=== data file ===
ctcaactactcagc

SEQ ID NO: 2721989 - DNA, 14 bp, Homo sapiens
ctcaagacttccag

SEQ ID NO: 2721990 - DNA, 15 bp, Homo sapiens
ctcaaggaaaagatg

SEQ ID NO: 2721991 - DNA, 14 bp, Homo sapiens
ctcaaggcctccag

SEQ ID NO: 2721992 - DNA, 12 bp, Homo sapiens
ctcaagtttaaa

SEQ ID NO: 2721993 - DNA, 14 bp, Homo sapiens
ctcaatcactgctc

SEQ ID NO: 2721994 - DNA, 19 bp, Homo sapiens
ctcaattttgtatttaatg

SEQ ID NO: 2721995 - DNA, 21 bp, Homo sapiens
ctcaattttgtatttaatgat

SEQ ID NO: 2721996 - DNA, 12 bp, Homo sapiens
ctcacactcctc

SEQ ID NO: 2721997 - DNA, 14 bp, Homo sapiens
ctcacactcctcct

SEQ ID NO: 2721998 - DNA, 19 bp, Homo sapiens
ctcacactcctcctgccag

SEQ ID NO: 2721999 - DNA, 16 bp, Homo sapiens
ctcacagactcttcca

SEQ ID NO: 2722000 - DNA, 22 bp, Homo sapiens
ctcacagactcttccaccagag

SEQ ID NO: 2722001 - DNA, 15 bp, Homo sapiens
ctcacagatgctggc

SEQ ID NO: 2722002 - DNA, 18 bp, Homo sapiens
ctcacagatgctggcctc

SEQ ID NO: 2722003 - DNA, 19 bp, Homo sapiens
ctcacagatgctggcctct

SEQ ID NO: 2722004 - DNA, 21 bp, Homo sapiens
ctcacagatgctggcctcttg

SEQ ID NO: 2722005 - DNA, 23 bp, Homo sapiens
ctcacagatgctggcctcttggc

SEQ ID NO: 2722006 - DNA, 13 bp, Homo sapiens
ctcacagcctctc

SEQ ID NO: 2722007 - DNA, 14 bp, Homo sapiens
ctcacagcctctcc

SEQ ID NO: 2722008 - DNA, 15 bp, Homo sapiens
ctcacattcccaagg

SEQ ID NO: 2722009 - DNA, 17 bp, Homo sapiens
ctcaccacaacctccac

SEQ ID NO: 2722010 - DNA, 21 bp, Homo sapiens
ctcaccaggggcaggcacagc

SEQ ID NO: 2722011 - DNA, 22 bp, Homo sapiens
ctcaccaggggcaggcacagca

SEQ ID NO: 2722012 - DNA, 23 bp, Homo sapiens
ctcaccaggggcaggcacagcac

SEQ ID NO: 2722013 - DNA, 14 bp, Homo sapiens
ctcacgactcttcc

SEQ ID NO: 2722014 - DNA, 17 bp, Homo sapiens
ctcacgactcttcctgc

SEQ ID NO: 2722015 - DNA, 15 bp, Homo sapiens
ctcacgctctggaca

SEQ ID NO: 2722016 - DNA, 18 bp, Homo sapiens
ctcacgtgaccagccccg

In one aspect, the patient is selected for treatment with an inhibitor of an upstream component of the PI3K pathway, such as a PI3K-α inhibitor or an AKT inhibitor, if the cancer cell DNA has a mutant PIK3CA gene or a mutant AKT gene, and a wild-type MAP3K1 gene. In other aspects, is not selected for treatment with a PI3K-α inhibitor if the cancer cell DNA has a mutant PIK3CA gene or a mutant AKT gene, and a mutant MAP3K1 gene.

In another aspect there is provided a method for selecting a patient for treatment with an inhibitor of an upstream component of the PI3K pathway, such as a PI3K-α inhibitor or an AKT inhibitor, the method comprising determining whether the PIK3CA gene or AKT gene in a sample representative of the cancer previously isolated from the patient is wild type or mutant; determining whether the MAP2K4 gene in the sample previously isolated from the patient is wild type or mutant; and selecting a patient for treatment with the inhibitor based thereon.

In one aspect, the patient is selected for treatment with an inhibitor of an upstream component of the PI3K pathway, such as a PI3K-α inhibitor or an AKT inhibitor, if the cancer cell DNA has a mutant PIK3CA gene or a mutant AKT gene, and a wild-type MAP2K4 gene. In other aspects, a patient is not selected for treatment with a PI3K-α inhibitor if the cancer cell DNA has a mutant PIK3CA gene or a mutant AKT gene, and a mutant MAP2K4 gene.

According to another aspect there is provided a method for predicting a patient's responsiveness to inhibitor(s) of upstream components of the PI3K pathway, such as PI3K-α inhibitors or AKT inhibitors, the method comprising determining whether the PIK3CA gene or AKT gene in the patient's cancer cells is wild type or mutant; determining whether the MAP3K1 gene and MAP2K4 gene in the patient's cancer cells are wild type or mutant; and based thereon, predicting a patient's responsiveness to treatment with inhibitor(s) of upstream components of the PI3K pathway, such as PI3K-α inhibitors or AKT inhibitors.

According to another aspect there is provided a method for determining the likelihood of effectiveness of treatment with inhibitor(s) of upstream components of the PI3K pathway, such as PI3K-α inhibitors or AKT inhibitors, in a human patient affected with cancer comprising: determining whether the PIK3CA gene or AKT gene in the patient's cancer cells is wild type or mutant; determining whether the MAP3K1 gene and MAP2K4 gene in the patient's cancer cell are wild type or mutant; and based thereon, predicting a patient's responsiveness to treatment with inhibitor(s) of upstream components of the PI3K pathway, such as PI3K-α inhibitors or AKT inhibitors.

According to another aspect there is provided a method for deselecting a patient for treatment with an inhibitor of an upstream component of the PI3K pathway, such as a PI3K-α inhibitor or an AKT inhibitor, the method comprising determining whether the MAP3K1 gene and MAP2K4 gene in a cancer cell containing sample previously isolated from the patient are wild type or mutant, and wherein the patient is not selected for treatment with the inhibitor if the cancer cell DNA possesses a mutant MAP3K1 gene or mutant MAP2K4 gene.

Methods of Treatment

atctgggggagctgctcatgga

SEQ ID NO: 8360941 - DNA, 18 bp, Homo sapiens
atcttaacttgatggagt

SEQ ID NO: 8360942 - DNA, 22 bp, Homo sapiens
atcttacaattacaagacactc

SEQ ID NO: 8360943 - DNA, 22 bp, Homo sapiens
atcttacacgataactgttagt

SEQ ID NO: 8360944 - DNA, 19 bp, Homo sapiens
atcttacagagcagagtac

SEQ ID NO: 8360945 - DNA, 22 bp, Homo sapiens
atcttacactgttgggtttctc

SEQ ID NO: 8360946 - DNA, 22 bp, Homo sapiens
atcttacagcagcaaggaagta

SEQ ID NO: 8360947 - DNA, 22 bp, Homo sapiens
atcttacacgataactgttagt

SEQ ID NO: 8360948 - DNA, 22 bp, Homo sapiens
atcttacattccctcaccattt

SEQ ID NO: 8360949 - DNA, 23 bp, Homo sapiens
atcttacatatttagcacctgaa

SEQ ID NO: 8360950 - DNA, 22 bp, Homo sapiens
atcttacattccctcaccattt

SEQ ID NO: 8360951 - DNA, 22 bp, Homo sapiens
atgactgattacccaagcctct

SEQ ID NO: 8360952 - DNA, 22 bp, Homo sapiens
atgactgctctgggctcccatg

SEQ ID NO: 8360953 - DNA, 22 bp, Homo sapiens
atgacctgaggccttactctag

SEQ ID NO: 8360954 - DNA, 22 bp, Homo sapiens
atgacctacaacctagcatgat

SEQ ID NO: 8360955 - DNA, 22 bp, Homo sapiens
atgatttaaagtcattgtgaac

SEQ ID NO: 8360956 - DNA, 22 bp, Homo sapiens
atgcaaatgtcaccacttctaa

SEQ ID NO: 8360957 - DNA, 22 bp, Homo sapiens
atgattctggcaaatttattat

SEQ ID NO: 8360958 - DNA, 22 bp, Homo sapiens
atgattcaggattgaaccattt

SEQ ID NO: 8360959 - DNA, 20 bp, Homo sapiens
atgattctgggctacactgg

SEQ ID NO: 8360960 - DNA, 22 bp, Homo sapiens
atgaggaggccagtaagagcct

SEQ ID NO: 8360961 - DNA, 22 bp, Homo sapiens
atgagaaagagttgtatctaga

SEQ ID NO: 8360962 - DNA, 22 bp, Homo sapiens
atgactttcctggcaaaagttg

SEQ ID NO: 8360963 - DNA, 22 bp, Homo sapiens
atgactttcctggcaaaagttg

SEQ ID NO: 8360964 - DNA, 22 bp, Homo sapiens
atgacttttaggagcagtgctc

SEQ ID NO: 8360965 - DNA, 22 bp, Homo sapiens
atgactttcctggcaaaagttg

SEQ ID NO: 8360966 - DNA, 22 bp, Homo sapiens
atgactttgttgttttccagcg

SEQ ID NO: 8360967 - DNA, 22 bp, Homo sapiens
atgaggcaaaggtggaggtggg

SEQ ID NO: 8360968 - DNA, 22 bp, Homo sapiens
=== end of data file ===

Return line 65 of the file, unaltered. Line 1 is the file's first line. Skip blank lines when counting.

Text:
atctgggggagctgctcatgga